Bert gave him a strange look. He wondered just who this Jahi character was, for his companion had been talking about him all the way to the desert unrelentingly. At first he thought he was some kind of famous explorer of high repute, but when he’d asked about this, it turned out that he was nothing more than a native of Sakhmet, a Lupe. He found that rather strange, and wondered if there was more to the story.

     The company of two duly closed over the door in the ground and covered it over with sand, just to make sure that no explorer came along and found a way to get through before they did. Then, sighing, they hitched up their backpacks and began to make tracks, on their way to Sakhmet.

     Upon leaving, Bert could be heard to say, “I’m very much looking forward to seeing the great city. It’ll present the most wonderful opportunities for a bit of urban filmmaking. You know, shots of the buildings and marketplaces and stuff. Hey, I could even do interviews, yeah! You aren’t a friend of Princess Amira, are you? ‘Cause if you are it’d be great. Just think of the movie posters: The Bold Adventures of Roland Forzinger, and then at the bottom, in even larger print: Featuring Princess Amira. Studies have shown that films with royals in them sell staggering amounts of tickets. Plus, you’ll have added publicity when you bring the treasure back home. We could rake in the cash!”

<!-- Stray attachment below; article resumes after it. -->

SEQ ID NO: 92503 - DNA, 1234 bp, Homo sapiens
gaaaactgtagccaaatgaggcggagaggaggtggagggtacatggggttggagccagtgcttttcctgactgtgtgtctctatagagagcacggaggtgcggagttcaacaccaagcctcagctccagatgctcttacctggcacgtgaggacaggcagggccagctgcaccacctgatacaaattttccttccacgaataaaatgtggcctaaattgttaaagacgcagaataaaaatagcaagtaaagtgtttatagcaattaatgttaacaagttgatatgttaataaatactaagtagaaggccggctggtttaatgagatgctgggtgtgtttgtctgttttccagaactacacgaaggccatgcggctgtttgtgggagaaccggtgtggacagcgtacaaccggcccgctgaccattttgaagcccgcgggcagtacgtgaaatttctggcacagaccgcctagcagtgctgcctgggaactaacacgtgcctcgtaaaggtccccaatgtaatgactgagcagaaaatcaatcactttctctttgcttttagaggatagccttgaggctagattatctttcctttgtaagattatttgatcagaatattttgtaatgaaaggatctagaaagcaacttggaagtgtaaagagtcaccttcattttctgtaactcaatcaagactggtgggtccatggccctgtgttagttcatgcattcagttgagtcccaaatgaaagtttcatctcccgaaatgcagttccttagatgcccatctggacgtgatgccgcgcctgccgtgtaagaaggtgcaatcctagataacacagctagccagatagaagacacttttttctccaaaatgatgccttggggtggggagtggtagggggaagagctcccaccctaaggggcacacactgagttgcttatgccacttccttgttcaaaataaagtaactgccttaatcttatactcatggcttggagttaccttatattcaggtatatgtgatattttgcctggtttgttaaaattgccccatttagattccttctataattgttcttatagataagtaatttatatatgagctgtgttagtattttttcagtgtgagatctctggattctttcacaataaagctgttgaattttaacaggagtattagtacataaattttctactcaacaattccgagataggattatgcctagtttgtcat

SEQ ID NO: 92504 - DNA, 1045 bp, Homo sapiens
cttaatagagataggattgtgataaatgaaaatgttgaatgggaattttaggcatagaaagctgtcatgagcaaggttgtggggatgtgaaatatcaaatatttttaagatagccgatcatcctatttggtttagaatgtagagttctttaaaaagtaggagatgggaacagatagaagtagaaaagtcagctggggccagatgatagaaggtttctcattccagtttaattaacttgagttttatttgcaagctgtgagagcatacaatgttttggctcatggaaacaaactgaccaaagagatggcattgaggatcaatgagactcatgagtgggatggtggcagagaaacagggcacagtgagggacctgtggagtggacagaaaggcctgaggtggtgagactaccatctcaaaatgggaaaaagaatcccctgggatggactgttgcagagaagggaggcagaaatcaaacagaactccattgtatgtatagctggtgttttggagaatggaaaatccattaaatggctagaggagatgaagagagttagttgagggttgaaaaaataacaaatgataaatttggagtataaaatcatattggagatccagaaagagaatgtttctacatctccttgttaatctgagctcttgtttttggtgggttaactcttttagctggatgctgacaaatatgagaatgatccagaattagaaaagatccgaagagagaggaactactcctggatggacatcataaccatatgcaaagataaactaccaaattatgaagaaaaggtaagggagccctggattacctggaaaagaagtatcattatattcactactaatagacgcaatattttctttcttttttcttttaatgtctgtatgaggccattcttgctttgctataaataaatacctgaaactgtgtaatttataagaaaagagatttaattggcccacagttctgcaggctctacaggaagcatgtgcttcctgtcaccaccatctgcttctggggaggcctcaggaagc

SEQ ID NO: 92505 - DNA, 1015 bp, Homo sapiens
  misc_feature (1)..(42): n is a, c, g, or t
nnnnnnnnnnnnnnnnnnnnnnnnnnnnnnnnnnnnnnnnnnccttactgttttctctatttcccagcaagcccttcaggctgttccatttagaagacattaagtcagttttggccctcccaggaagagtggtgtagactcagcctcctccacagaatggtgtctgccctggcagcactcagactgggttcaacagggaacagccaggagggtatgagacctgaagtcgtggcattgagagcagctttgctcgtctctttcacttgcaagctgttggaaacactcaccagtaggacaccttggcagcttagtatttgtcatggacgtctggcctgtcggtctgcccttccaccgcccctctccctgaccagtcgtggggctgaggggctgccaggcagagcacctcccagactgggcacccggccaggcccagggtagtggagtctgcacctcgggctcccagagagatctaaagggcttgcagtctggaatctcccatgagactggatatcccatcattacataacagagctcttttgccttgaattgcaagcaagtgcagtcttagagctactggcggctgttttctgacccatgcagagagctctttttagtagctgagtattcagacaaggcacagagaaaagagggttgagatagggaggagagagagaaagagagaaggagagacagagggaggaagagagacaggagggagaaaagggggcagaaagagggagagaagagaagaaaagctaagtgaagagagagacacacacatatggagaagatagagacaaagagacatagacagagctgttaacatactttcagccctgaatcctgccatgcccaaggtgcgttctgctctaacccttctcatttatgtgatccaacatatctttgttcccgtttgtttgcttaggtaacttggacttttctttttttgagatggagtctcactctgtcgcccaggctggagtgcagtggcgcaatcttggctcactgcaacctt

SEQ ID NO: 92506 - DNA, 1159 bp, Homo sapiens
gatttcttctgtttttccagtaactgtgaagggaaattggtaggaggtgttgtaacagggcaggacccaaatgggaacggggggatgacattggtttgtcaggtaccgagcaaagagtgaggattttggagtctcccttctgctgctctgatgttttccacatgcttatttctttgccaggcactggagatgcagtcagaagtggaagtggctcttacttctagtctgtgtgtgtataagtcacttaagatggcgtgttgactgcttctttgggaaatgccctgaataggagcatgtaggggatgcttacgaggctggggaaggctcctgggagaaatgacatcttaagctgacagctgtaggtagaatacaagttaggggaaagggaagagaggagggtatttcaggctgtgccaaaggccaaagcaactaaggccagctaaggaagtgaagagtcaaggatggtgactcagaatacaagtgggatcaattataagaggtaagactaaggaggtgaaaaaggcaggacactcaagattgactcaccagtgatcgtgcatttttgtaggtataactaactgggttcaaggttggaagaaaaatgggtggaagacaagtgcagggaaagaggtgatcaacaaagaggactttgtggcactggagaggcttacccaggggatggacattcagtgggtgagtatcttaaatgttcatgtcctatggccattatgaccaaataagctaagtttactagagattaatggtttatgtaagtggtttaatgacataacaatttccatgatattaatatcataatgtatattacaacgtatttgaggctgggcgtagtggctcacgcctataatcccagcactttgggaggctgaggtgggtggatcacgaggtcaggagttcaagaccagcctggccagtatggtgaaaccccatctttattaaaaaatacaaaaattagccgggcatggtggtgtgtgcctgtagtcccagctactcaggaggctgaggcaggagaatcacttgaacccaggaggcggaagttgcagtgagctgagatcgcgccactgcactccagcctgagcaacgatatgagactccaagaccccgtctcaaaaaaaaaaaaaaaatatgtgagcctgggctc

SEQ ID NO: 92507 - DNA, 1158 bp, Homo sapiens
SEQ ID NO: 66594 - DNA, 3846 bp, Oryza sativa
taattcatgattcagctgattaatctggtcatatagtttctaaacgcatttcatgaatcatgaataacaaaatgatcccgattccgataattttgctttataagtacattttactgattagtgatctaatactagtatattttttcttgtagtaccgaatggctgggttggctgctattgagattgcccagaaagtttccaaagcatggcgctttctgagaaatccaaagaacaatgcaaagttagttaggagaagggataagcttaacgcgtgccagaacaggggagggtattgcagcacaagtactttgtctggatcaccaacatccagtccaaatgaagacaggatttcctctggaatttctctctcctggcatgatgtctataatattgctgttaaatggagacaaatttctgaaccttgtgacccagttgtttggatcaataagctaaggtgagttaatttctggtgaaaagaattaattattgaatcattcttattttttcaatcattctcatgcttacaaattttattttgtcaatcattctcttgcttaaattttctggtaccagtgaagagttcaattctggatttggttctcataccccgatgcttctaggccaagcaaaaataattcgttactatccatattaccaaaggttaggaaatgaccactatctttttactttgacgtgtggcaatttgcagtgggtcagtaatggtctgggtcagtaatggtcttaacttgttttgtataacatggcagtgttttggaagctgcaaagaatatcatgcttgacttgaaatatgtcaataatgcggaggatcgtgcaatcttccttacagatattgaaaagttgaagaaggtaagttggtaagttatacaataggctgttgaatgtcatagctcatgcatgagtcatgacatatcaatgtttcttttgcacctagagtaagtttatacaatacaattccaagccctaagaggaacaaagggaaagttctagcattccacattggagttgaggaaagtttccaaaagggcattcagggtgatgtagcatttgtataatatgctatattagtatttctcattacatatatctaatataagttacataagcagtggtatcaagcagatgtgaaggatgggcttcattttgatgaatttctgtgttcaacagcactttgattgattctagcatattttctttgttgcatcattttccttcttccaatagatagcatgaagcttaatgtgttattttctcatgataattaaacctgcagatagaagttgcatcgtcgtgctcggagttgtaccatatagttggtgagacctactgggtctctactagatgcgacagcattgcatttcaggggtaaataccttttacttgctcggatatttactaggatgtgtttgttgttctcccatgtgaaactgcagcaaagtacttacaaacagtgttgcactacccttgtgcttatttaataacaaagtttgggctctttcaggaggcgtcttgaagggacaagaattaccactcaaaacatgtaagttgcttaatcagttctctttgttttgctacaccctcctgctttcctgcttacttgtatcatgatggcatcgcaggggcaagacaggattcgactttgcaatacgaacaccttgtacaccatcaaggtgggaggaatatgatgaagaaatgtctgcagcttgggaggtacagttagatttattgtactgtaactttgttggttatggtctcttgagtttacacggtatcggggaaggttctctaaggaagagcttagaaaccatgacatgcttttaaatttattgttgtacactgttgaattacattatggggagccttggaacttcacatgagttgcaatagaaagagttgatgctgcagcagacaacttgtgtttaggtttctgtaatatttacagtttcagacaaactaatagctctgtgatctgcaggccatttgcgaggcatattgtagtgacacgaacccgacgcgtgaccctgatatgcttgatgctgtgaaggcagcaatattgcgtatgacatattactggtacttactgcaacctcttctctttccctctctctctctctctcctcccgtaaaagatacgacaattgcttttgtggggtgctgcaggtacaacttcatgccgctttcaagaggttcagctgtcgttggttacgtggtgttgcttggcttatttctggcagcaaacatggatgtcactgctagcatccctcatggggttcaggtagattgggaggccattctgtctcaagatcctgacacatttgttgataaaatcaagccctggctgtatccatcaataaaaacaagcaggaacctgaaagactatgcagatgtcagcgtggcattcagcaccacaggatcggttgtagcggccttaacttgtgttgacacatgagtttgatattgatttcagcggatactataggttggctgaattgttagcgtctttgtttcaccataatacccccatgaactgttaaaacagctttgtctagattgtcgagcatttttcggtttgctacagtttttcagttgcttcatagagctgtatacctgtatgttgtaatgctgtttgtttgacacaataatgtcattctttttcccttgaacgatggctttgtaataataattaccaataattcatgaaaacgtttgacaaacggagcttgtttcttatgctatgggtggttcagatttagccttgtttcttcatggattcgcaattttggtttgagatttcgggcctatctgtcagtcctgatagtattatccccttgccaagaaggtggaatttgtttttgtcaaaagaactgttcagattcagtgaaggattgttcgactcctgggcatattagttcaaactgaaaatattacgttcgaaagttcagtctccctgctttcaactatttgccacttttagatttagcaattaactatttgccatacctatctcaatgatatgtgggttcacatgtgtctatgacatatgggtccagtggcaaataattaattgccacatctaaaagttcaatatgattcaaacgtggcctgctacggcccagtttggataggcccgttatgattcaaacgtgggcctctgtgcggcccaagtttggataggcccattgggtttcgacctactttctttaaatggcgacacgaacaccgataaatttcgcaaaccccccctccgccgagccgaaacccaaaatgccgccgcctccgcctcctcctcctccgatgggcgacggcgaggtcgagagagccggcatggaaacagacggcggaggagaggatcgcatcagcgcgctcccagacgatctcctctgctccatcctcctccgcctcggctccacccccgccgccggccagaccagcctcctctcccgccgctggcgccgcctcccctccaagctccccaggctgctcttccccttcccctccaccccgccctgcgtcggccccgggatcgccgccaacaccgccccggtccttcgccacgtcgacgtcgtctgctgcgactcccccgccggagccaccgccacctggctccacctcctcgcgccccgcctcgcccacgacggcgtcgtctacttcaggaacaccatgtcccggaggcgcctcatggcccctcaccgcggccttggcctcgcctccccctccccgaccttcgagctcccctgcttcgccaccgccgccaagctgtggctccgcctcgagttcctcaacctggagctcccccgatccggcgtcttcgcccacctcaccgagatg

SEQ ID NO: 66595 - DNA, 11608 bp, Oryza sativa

Roland groaned. It was going to be a long walk.

      * * *

     Just over an hour later Roland and Bert came back, but this time there was someone else with them. A tall, sullen-eyed desert Lupe, he was garbed all in a flowing robe of brown, and an electric-blue amulet encircled his wrist. Around his neck was an old, worn chain, and from it hung an ugly network of spirals and loops, like the roots of a tree. At the end of each line hung a cylindrical bell, from which emanated a high-pitched yet rasping sound, which proved to be quite unpleasant to the ear. He was arguing with Roland in harsh, accented tones, waving his hands about urgently. Bert stood to the side, unusually quiet and evidently nervous. Having finally met the famous Jahi, he felt that the saying ‘larger than life’ must surely have been made for him. He had a personality the size of an ocean, and every so often he let off high, fruity laughs, despite the tone of the conversation being not exactly joyful. Some people might have found him pleasant company, but to the timid Bruce he was just plain intimidating.